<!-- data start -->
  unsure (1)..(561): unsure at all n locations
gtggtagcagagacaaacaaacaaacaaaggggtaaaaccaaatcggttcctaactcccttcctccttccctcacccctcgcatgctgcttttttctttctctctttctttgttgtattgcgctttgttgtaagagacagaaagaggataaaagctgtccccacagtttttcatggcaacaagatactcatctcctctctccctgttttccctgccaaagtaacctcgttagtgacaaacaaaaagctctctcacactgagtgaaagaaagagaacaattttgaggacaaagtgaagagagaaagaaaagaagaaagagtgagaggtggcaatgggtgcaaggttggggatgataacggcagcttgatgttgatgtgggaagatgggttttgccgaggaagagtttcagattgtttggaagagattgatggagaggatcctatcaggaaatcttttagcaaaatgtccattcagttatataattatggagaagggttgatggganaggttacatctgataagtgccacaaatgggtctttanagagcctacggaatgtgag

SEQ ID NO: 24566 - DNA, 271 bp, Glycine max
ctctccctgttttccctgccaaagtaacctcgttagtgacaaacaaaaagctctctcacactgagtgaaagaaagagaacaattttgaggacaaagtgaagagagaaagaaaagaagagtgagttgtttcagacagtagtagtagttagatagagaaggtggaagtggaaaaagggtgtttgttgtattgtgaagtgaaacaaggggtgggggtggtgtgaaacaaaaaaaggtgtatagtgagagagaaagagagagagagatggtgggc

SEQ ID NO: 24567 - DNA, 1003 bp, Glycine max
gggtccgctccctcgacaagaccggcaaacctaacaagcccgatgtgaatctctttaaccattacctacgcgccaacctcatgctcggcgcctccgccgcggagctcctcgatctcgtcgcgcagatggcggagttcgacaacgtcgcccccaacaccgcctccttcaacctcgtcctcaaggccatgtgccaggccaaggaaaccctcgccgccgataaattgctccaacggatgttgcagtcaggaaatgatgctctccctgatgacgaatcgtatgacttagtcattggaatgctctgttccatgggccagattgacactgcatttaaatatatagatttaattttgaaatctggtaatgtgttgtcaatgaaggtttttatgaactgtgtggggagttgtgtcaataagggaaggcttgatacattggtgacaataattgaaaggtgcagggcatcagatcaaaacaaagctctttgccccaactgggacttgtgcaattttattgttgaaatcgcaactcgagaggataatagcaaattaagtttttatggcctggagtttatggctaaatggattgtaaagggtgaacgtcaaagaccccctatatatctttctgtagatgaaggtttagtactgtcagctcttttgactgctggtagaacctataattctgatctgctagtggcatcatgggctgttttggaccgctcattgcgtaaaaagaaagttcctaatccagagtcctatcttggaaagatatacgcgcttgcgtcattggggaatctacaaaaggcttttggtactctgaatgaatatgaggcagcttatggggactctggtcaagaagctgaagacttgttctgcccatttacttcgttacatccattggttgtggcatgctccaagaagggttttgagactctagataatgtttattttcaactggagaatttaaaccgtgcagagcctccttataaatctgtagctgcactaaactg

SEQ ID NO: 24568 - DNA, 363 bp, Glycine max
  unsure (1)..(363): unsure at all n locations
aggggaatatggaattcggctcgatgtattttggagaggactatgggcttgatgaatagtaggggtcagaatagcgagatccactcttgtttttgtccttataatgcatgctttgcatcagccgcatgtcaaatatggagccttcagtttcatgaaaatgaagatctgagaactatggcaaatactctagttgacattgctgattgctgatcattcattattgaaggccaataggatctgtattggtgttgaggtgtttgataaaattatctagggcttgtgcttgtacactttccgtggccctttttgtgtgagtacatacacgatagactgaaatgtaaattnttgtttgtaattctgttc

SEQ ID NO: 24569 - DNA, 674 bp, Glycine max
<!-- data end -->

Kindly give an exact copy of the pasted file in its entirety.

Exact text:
  unsure (1)..(561): unsure at all n locations
gtggtagcagagacaaacaaacaaacaaaggggtaaaaccaaatcggttcctaactcccttcctccttccctcacccctcgcatgctgcttttttctttctctctttctttgttgtattgcgctttgttgtaagagacagaaagaggataaaagctgtccccacagtttttcatggcaacaagatactcatctcctctctccctgttttccctgccaaagtaacctcgttagtgacaaacaaaaagctctctcacactgagtgaaagaaagagaacaattttgaggacaaagtgaagagagaaagaaaagaagaaagagtgagaggtggcaatgggtgcaaggttggggatgataacggcagcttgatgttgatgtgggaagatgggttttgccgaggaagagtttcagattgtttggaagagattgatggagaggatcctatcaggaaatcttttagcaaaatgtccattcagttatataattatggagaagggttgatggganaggttacatctgataagtgccacaaatgggtctttanagagcctacggaatgtgag

SEQ ID NO: 24566 - DNA, 271 bp, Glycine max
ctctccctgttttccctgccaaagtaacctcgttagtgacaaacaaaaagctctctcacactgagtgaaagaaagagaacaattttgaggacaaagtgaagagagaaagaaaagaagagtgagttgtttcagacagtagtagtagttagatagagaaggtggaagtggaaaaagggtgtttgttgtattgtgaagtgaaacaaggggtgggggtggtgtgaaacaaaaaaaggtgtatagtgagagagaaagagagagagagatggtgggc

SEQ ID NO: 24567 - DNA, 1003 bp, Glycine max
gggtccgctccctcgacaagaccggcaaacctaacaagcccgatgtgaatctctttaaccattacctacgcgccaacctcatgctcggcgcctccgccgcggagctcctcgatctcgtcgcgcagatggcggagttcgacaacgtcgcccccaacaccgcctccttcaacctcgtcctcaaggccatgtgccaggccaaggaaaccctcgccgccgataaattgctccaacggatgttgcagtcaggaaatgatgctctccctgatgacgaatcgtatgacttagtcattggaatgctctgttccatgggccagattgacactgcatttaaatatatagatttaattttgaaatctggtaatgtgttgtcaatgaaggtttttatgaactgtgtggggagttgtgtcaataagggaaggcttgatacattggtgacaataattgaaaggtgcagggcatcagatcaaaacaaagctctttgccccaactgggacttgtgcaattttattgttgaaatcgcaactcgagaggataatagcaaattaagtttttatggcctggagtttatggctaaatggattgtaaagggtgaacgtcaaagaccccctatatatctttctgtagatgaaggtttagtactgtcagctcttttgactgctggtagaacctataattctgatctgctagtggcatcatgggctgttttggaccgctcattgcgtaaaaagaaagttcctaatccagagtcctatcttggaaagatatacgcgcttgcgtcattggggaatctacaaaaggcttttggtactctgaatgaatatgaggcagcttatggggactctggtcaagaagctgaagacttgttctgcccatttacttcgttacatccattggttgtggcatgctccaagaagggttttgagactctagataatgtttattttcaactggagaatttaaaccgtgcagagcctccttataaatctgtagctgcactaaactg

SEQ ID NO: 24568 - DNA, 363 bp, Glycine max
  unsure (1)..(363): unsure at all n locations
aggggaatatggaattcggctcgatgtattttggagaggactatgggcttgatgaatagtaggggtcagaatagcgagatccactcttgtttttgtccttataatgcatgctttgcatcagccgcatgtcaaatatggagccttcagtttcatgaaaatgaagatctgagaactatggcaaatactctagttgacattgctgattgctgatcattcattattgaaggccaataggatctgtattggtgttgaggtgtttgataaaattatctagggcttgtgcttgtacactttccgtggccctttttgtgtgagtacatacacgatagactgaaatgtaaattnttgtttgtaattctgttc

SEQ ID NO: 24569 - DNA, 674 bp, Glycine max